Washington Feb. 24. 09.
My dear Sir
In the hurry of the approaching close of a session of Congress and of the preparations for my own departure from this place, I must drop you a line by a public vessel going to France, altho’ it can be but a short one. on politics I will say nothing; that being safest for you as well as myself. for those of our own country I will refer you to mr Coles, the bearer of this, my Secretary, who is intimately acquainted with our affairs, can give you all their details, & may be fully relied on. his great worth, as well as my affection for him, will, I am certain, ensure to him the attentions you so kindly bestow on all our country men.
Since mine of July 18. I have recieved your’s of May 29. June 19. & July 28. I now inclose you a letter from M. Duplantier to yourself & the copy of one to me. he mentions, you will observe a new claim of M. McCarty, interfering with yours in the environs of New Orleans. of this I have never heard before, nor does M. Duplantier mention it’s extent. his idea that the grounds on the Canal de Carondelet are irreclaimable, because low & covered with water must proceed from their not being there in the habit of enterprises of any kind. from the Missisipi to L. Pontchartrain the ground descends gradually, and at the lake in the highest waters, these drowned lands are covered 3. feet deep, diminishing to nothing as you go towards the city. a levée then of 4. feet is all that would be necessary even at the border of the lake, and that would be made with the earth of a ditch of 4. f. deep, which is no very arduous undertaking. still it is such an one as will require some advance of money. but when we consider the immensity of the country all of whose produce must be brought to N. Orleans, it must become the largest city in the world, and it’s growth must be most rapid, because the whole of our population which moves Westwardly adds to it. it’s value too must be considerably & speedily increased by a work which the government will execute this summer, that is, a continuation of the Canal of Carondelet into the Missisipi, which will carry all the commerce of the Misipi through that Canal, because the navigation will be so much safer & shorter. with such prospects the value of that ground must become great. in retiring from this place, it adds much to my pleasure that your interests will be superintended by persons so friendly to you as mr Madison & mr Gallatin. they will certainly do for you whatever can legally be done.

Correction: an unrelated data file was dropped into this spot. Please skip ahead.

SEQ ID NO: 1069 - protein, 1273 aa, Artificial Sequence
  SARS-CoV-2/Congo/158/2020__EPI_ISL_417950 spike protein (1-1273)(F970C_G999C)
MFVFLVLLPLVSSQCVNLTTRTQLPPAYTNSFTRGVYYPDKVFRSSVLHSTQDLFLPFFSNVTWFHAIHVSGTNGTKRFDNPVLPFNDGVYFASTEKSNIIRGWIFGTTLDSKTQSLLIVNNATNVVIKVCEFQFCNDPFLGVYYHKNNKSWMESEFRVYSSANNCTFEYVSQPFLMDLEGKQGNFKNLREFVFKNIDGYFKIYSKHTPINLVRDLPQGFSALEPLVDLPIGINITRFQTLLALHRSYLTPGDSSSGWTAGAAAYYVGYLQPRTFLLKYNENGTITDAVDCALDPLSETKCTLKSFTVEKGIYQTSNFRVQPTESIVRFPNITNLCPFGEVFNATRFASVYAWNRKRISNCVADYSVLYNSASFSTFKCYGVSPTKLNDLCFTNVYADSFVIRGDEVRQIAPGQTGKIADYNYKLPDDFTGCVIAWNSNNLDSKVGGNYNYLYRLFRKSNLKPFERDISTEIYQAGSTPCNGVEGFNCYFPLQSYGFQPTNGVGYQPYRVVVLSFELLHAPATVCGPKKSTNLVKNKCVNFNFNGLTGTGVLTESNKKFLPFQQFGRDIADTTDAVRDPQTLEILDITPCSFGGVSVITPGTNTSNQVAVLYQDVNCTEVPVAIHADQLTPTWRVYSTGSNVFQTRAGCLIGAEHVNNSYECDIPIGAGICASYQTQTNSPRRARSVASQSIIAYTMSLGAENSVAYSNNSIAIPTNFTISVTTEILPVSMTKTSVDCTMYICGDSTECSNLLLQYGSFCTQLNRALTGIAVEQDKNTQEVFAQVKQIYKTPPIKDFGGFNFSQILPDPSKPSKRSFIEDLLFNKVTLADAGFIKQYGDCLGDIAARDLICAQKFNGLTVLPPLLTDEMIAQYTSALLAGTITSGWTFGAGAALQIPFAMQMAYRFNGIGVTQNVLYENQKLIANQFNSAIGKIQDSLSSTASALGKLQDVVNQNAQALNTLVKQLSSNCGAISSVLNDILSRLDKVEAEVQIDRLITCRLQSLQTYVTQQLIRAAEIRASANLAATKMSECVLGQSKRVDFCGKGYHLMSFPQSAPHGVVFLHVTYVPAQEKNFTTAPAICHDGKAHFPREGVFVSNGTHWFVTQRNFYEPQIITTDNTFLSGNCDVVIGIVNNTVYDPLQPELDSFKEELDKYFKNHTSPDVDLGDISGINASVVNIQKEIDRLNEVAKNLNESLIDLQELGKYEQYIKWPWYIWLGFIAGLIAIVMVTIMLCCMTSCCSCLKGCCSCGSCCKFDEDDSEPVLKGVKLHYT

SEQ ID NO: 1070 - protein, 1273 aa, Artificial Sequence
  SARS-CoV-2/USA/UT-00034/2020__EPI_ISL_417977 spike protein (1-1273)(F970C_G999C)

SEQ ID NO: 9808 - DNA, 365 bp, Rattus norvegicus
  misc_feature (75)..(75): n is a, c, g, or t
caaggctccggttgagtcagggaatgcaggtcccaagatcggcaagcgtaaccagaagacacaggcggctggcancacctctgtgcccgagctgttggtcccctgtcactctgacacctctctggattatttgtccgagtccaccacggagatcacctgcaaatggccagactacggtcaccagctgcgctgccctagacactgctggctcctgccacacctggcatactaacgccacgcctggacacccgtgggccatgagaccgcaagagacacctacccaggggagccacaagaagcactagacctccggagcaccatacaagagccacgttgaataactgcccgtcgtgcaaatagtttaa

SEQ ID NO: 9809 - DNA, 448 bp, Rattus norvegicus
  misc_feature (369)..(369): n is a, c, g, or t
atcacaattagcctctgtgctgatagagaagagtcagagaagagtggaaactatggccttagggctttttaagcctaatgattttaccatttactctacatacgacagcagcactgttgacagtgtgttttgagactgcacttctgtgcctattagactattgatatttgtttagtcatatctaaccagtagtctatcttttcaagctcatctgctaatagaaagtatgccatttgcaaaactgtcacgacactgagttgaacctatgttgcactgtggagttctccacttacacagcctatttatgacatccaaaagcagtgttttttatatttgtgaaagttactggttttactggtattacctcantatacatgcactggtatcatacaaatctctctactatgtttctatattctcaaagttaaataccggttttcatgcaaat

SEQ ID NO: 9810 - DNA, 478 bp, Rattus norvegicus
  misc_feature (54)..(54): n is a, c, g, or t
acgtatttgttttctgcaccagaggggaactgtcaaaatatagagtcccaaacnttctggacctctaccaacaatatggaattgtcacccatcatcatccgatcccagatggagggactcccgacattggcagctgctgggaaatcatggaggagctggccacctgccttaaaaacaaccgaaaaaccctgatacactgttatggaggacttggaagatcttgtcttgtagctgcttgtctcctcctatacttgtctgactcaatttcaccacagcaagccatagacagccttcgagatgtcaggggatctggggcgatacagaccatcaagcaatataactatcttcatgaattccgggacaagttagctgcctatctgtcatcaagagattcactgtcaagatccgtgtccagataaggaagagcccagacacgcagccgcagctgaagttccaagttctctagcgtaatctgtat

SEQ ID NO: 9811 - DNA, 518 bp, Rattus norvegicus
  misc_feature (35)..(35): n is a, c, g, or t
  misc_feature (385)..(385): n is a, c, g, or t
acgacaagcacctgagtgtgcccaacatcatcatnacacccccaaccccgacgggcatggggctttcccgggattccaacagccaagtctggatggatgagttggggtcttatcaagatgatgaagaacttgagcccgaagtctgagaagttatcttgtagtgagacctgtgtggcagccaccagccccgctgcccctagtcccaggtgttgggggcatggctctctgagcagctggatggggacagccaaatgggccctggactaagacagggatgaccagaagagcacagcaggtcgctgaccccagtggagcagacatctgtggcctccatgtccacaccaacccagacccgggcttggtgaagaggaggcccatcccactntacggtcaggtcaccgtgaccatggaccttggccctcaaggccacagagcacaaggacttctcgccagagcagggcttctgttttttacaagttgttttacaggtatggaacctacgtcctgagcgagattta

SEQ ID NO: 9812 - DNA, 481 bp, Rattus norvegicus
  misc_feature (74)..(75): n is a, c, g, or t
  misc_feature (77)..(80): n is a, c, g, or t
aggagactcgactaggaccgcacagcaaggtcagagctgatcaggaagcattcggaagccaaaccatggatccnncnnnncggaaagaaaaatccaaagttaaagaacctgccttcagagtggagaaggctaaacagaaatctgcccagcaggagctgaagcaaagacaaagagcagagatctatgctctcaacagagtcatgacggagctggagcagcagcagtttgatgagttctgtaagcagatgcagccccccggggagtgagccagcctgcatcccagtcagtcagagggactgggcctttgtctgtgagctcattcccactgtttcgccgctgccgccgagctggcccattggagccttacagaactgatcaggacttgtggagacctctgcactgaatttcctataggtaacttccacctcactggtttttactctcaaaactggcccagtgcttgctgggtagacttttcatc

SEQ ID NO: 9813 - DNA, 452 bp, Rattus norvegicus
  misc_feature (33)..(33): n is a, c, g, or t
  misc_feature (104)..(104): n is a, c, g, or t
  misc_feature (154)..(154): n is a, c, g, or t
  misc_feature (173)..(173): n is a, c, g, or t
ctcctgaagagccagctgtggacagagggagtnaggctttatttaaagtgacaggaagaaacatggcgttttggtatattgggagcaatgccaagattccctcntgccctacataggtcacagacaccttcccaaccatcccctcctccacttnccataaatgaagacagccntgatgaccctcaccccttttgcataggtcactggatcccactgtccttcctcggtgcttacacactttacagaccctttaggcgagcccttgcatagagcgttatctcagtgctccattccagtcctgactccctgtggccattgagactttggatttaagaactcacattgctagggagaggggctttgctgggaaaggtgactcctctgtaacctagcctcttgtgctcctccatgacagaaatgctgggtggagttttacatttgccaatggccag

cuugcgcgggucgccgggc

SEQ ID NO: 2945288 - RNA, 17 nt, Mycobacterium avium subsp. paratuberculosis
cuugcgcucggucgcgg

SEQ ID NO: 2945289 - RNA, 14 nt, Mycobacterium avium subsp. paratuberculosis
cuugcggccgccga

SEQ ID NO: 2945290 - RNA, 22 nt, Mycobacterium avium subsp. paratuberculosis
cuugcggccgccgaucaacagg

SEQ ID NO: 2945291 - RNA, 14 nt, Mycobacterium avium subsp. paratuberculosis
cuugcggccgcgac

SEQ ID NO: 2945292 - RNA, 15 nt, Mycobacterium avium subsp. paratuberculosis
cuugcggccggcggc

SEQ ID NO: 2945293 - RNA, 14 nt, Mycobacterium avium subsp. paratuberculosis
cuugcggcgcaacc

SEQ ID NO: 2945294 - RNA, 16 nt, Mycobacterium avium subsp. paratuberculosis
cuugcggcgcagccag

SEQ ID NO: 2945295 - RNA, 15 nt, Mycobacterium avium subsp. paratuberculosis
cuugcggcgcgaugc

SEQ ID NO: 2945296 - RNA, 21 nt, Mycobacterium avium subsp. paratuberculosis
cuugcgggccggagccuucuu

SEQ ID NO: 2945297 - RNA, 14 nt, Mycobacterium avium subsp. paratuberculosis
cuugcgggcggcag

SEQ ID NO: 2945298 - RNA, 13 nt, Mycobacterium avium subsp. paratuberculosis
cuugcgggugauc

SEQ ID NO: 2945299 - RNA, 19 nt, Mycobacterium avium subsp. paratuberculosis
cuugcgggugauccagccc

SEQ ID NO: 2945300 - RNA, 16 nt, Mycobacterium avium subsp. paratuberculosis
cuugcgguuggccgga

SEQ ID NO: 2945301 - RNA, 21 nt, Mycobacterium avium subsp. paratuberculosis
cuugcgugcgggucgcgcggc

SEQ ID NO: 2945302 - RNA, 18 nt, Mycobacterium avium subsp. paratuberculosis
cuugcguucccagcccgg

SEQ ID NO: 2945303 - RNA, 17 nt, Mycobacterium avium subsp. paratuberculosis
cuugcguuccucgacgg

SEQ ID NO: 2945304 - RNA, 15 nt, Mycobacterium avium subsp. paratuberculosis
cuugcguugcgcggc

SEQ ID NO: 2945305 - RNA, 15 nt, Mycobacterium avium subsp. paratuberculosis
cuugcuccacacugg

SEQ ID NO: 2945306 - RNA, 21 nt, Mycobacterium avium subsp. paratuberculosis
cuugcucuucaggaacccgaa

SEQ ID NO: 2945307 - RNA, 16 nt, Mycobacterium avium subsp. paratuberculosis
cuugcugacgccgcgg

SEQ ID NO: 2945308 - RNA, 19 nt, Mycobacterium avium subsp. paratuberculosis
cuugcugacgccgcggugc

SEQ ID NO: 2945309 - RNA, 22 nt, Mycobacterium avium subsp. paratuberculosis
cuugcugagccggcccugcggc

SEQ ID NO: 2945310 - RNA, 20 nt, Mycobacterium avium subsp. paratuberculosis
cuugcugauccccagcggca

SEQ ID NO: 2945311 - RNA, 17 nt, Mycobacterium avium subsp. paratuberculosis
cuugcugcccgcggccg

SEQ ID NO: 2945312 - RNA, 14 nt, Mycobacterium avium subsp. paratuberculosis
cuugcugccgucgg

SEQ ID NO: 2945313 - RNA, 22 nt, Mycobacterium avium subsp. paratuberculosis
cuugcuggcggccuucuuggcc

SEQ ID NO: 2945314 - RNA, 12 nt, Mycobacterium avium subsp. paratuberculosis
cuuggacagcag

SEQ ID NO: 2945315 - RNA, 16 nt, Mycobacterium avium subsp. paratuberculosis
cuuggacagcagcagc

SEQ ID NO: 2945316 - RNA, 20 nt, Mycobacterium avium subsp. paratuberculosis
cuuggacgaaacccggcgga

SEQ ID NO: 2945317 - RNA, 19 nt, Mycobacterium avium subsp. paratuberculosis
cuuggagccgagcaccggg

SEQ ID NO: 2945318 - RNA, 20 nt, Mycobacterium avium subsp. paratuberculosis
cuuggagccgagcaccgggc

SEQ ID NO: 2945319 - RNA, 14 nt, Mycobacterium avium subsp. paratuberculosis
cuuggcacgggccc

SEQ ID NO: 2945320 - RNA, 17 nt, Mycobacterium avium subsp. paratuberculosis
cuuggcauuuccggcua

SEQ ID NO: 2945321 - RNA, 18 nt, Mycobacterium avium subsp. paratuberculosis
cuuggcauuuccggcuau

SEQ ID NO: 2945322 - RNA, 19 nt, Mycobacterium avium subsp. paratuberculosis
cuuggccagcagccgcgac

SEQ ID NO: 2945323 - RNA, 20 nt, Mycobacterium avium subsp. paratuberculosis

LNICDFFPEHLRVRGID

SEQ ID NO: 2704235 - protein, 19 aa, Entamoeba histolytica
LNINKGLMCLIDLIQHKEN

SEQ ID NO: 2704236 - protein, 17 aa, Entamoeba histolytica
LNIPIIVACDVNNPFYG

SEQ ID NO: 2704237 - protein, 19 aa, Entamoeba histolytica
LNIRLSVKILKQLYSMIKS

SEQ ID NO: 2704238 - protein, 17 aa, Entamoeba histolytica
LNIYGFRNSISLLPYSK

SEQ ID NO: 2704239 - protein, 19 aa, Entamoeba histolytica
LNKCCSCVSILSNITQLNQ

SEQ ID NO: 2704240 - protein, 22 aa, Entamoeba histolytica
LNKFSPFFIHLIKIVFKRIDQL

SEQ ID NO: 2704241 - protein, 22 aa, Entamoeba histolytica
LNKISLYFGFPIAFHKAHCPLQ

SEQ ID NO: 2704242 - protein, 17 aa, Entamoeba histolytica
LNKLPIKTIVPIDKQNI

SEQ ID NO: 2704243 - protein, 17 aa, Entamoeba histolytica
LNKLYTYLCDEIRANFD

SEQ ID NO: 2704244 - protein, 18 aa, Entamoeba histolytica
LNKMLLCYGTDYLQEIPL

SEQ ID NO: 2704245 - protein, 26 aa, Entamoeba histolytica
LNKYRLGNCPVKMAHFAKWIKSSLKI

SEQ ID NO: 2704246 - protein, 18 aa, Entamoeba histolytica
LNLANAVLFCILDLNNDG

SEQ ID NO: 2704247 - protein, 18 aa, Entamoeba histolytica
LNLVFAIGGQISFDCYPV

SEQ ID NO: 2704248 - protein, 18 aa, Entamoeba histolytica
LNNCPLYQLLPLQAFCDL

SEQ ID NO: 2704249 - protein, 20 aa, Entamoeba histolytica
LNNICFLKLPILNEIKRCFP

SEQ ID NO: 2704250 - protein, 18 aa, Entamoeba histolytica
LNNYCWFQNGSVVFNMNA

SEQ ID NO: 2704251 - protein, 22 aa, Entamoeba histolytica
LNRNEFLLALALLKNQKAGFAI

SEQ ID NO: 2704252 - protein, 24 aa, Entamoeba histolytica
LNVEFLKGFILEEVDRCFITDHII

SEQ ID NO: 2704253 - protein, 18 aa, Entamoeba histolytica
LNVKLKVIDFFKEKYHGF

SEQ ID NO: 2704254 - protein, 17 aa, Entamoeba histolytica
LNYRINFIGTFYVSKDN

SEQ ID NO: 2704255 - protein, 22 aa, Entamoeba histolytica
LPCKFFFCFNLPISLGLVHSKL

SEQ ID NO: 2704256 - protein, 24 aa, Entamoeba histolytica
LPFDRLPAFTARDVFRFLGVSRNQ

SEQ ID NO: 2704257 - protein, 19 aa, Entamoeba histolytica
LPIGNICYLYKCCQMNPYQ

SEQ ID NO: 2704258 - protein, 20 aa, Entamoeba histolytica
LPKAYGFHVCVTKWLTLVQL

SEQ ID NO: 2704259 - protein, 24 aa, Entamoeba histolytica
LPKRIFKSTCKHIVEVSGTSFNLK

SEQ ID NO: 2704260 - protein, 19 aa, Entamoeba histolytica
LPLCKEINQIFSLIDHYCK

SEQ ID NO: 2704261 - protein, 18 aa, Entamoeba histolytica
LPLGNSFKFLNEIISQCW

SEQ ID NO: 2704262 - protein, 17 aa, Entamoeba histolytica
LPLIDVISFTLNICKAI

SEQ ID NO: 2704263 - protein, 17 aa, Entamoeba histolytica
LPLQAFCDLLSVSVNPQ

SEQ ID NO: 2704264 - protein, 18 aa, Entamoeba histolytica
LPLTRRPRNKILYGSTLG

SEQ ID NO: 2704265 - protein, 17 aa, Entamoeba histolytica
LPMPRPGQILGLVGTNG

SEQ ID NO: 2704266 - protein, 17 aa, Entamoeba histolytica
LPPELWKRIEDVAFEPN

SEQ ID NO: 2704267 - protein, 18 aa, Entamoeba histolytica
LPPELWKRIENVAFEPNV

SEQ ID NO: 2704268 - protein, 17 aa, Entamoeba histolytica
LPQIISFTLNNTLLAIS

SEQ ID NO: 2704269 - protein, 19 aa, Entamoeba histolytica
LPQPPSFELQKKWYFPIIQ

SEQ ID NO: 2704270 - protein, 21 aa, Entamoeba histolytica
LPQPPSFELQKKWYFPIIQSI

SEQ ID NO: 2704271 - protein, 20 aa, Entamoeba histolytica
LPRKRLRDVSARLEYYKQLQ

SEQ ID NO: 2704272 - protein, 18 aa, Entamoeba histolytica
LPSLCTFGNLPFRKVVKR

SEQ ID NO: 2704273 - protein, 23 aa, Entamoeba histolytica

Our embargo, which has been a very trying measure, has produced one very happy, & permanent effect. it has set us all on domestic manufacture, & will I verily believe reduce our future demands on England fully one half. we are all eager to get into the Merino race of sheep. the weight of your fleeces as mentioned in your letter astonishes me. I thought that kind of sheep yielded a very fine wool, but little in quantity. I shall soon be in a situation in which I can with punctuality execute any botanical orders of Mde. de Tesse which my portion of the country would furnish. but it is vain for me to offer my services anew until the freedom of the sea is obtained. be so good as to present my most friendly respects to her & M. de Tessé; and to be assured yourself of my constant affection & respect.
CSmH: Papers of Thomas Jefferson.